McDonald’s rejects teaming up with Burger King for Peace Day stunt

McDonald’s has rejected an offer by Burger King to team up for a one-day “peace offering” to mark International Peace Day on 21 September.

Burger King released a proposal earlier today (26 August) suggesting that the two restaurants set aside their differences to create the “McWhopper”, which would include a combination of ingredients from Burger King’s Whopper and McDonald’s Big Mac, in honour of Peace Day, a United Nations-recognised annual day of global unity.

The brand suggested that a pop-up restaurant be launched in Atlanta for one day, in between both brands’ HQs in Miami and Chicago, where staff from both fast food chains would come together and serve their limited edition burger.

While McDonald’s recognised its rival’s “great idea”, the brand believes that both chains could do something bigger to make a difference.

McDonald’s CEO Steve Easterbrook released a Facebook post stating: “We commit to raise awareness worldwide, perhaps you’ll join us in a meaningful global effort?

“And every day, let’s acknowledge that between us there is simply a friendly business competition and certainly not the unequaled circumstances of the real pain and suffering of war.”

After saying that the brand will get in touch, the note ends with: “P.S. A simple phone call will do next time.”

In need of a boost

Some might say that the stunt could have been a welcome development for McDonald’s, as the fast food company is in desperate need of a ratings boost.

According to YouGov BrandIndex figures, the chain is at the bottom of the fast food sector compared to its seven competitors.

When it comes to overall Index rankings, a measure of numerous metrics including quality, value and impression, McDonald’s sits at the bottom of the fast food category.

Burger King’s overall Index score puts it in fifth place, but the brand ranks the second lowest when it comes to reputation. McDonald’s, once again, sits at the bottom of the list and also scores lowest on overall quality and recommendation.

These findings are also reflected in the brand’s overall sales figures. It was reported in late July that McDonald’s global sales had fallen by 0.7% in the second quarter, lower than expected.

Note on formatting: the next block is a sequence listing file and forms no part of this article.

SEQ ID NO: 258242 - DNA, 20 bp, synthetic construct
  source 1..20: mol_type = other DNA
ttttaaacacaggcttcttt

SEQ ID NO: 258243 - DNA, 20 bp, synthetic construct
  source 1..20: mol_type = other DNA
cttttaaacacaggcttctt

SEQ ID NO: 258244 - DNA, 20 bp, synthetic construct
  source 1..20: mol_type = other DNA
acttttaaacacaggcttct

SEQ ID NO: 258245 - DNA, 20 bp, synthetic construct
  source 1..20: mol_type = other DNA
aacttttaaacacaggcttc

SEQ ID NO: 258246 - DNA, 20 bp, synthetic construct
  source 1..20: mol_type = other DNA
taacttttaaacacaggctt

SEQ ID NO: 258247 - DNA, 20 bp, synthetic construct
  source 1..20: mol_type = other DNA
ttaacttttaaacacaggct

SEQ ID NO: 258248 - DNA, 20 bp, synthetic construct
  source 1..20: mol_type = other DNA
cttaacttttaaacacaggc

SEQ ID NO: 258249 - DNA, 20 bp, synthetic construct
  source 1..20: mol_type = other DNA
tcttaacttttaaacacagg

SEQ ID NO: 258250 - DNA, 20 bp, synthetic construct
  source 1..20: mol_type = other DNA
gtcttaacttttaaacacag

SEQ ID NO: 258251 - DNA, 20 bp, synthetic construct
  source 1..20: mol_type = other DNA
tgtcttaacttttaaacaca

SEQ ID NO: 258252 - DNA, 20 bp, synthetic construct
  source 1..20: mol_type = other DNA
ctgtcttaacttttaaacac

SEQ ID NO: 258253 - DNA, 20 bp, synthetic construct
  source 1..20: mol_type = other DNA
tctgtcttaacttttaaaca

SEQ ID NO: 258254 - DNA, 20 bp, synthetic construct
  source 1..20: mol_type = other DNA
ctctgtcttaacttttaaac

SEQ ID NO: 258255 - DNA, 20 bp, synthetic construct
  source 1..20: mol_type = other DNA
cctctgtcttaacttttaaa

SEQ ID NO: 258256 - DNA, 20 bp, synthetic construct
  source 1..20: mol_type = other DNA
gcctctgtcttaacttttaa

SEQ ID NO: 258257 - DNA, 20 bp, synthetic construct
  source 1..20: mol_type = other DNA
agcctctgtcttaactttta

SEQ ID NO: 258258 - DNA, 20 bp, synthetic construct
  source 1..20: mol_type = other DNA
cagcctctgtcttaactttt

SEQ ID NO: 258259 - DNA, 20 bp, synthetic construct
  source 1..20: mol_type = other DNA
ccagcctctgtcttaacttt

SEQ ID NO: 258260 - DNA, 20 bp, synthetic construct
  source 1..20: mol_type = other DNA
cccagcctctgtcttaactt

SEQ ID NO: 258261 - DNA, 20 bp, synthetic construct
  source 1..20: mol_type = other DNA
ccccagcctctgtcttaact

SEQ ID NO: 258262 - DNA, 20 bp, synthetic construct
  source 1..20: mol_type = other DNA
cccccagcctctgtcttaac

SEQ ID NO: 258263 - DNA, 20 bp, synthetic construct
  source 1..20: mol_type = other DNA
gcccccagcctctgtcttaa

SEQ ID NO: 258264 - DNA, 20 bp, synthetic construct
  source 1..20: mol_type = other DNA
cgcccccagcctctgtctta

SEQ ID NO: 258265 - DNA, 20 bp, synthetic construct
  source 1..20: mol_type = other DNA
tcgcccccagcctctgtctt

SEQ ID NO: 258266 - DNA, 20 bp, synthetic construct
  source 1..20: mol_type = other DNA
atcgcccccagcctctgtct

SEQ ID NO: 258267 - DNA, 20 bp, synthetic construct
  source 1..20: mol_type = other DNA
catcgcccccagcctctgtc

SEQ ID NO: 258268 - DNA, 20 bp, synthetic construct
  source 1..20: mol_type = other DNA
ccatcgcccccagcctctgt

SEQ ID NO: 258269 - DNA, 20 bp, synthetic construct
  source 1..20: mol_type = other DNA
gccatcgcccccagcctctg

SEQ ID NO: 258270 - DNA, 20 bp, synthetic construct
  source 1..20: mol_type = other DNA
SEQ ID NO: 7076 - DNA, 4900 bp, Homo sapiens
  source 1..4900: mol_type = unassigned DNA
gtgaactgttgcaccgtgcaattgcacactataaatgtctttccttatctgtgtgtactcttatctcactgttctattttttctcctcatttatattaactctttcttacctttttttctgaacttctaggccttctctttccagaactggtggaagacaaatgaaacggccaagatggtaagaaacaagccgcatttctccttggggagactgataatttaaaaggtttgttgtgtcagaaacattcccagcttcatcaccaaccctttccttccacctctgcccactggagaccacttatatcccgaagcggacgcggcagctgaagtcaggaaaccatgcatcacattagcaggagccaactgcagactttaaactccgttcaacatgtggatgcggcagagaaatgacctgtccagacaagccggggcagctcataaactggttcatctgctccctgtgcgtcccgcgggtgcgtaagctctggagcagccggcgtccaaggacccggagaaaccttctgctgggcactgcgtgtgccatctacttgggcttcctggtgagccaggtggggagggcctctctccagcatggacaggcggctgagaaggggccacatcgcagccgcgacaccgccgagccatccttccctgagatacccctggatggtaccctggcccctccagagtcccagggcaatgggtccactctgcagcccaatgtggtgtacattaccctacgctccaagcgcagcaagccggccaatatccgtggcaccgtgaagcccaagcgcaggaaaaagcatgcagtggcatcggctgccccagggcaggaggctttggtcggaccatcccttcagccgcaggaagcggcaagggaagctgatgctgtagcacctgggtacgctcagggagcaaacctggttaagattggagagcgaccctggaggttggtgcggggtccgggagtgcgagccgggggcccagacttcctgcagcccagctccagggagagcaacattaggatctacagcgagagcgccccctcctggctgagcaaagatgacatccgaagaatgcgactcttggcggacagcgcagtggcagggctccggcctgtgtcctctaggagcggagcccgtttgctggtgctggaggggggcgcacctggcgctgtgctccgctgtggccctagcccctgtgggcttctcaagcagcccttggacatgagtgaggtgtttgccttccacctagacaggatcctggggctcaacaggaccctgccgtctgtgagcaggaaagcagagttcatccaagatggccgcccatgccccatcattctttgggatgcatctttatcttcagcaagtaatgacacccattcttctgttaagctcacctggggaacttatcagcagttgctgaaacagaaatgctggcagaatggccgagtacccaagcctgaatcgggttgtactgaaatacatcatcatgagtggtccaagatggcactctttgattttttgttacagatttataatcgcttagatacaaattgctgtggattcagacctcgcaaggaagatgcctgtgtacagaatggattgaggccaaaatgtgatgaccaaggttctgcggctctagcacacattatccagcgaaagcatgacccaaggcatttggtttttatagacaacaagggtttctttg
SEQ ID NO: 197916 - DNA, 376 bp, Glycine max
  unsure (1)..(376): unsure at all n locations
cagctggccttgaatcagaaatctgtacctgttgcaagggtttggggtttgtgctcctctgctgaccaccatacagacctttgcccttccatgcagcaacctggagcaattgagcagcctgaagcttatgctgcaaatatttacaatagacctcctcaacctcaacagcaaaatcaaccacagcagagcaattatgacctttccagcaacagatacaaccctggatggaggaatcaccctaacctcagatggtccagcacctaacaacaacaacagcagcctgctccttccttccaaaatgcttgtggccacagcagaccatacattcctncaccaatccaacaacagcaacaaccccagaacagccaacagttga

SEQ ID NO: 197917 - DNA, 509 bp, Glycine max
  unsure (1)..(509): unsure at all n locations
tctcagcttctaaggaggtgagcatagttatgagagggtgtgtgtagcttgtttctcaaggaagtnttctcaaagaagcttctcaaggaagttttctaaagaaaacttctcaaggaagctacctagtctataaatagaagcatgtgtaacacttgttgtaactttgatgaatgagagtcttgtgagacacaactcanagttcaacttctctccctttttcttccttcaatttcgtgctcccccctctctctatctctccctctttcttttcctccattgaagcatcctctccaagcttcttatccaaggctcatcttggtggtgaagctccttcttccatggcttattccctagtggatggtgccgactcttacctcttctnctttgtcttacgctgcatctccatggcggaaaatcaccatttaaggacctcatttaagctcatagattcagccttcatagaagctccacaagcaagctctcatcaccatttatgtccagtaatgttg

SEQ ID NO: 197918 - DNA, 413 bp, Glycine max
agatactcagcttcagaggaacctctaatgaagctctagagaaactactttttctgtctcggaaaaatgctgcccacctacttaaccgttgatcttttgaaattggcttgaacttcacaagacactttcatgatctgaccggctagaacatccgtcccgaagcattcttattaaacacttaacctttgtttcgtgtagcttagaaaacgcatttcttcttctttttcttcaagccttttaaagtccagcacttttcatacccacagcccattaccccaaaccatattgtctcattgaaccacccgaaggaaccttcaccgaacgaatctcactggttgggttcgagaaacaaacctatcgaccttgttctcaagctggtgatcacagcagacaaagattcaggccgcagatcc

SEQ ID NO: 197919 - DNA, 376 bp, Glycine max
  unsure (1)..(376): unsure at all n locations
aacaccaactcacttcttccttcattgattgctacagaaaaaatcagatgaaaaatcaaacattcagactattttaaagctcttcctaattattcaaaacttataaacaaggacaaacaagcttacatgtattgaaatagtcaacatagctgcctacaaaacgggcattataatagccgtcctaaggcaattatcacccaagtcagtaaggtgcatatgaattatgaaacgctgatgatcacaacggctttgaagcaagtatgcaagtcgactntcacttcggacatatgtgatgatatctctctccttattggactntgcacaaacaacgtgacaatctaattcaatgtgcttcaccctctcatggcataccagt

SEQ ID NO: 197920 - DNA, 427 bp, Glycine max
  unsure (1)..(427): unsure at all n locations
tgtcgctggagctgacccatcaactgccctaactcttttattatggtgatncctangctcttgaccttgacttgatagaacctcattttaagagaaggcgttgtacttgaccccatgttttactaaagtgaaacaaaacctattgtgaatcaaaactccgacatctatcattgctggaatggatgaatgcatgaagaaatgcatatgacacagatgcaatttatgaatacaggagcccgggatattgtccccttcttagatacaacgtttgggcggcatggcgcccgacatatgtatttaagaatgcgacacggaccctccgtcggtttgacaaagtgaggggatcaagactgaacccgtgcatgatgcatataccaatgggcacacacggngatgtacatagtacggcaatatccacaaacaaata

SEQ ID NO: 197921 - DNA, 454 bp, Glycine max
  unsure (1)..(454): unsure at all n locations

Burger King, on the other hand, has reported that global sales rose by 6.7% in the quarter.

Its parent firm Restaurant Brands said new burgers, store improvements and special offers helped to drive the sales increase.

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Comments
  • M Carter 27 Aug 2015 at 9:21 am

    I think McDonald’s were right to swerve this stunt, it could have been seen as trivialising Peace Day and all the nations currently in conflict. To make a marketing stunt out of this would have been worse for their PR in the long run.

    • Jamie Smith 27 Aug 2015 at 10:28 am

      To be fair they had the backing of the guy whose idea Peace Day was. He was all for the awareness it has created. Ideally you’d want people to come to it naturally, but it doesn’t create the buzz that this sort of stunt does.

      I think they’re right to suggest something bigger than a one-day event – but I doubt anything will come to fruition.

  • Matt Stockbridge 27 Aug 2015 at 10:48 am

    Maybe ultimately McDonalds have made the right decision. I guess we’ll never know as they’ve taken the position to not even take the idea any further. Unilever used a male fragrance brand to raise awareness for World Peace Day and no one seemed to complain about that. Given the, in many cases, undeserved poor PR reputation that McDonalds has, it’s difficult to see how this could make it worse? Saying no and also adding the rather patronising comments about giving them a call next time is hardly going to improve their image.

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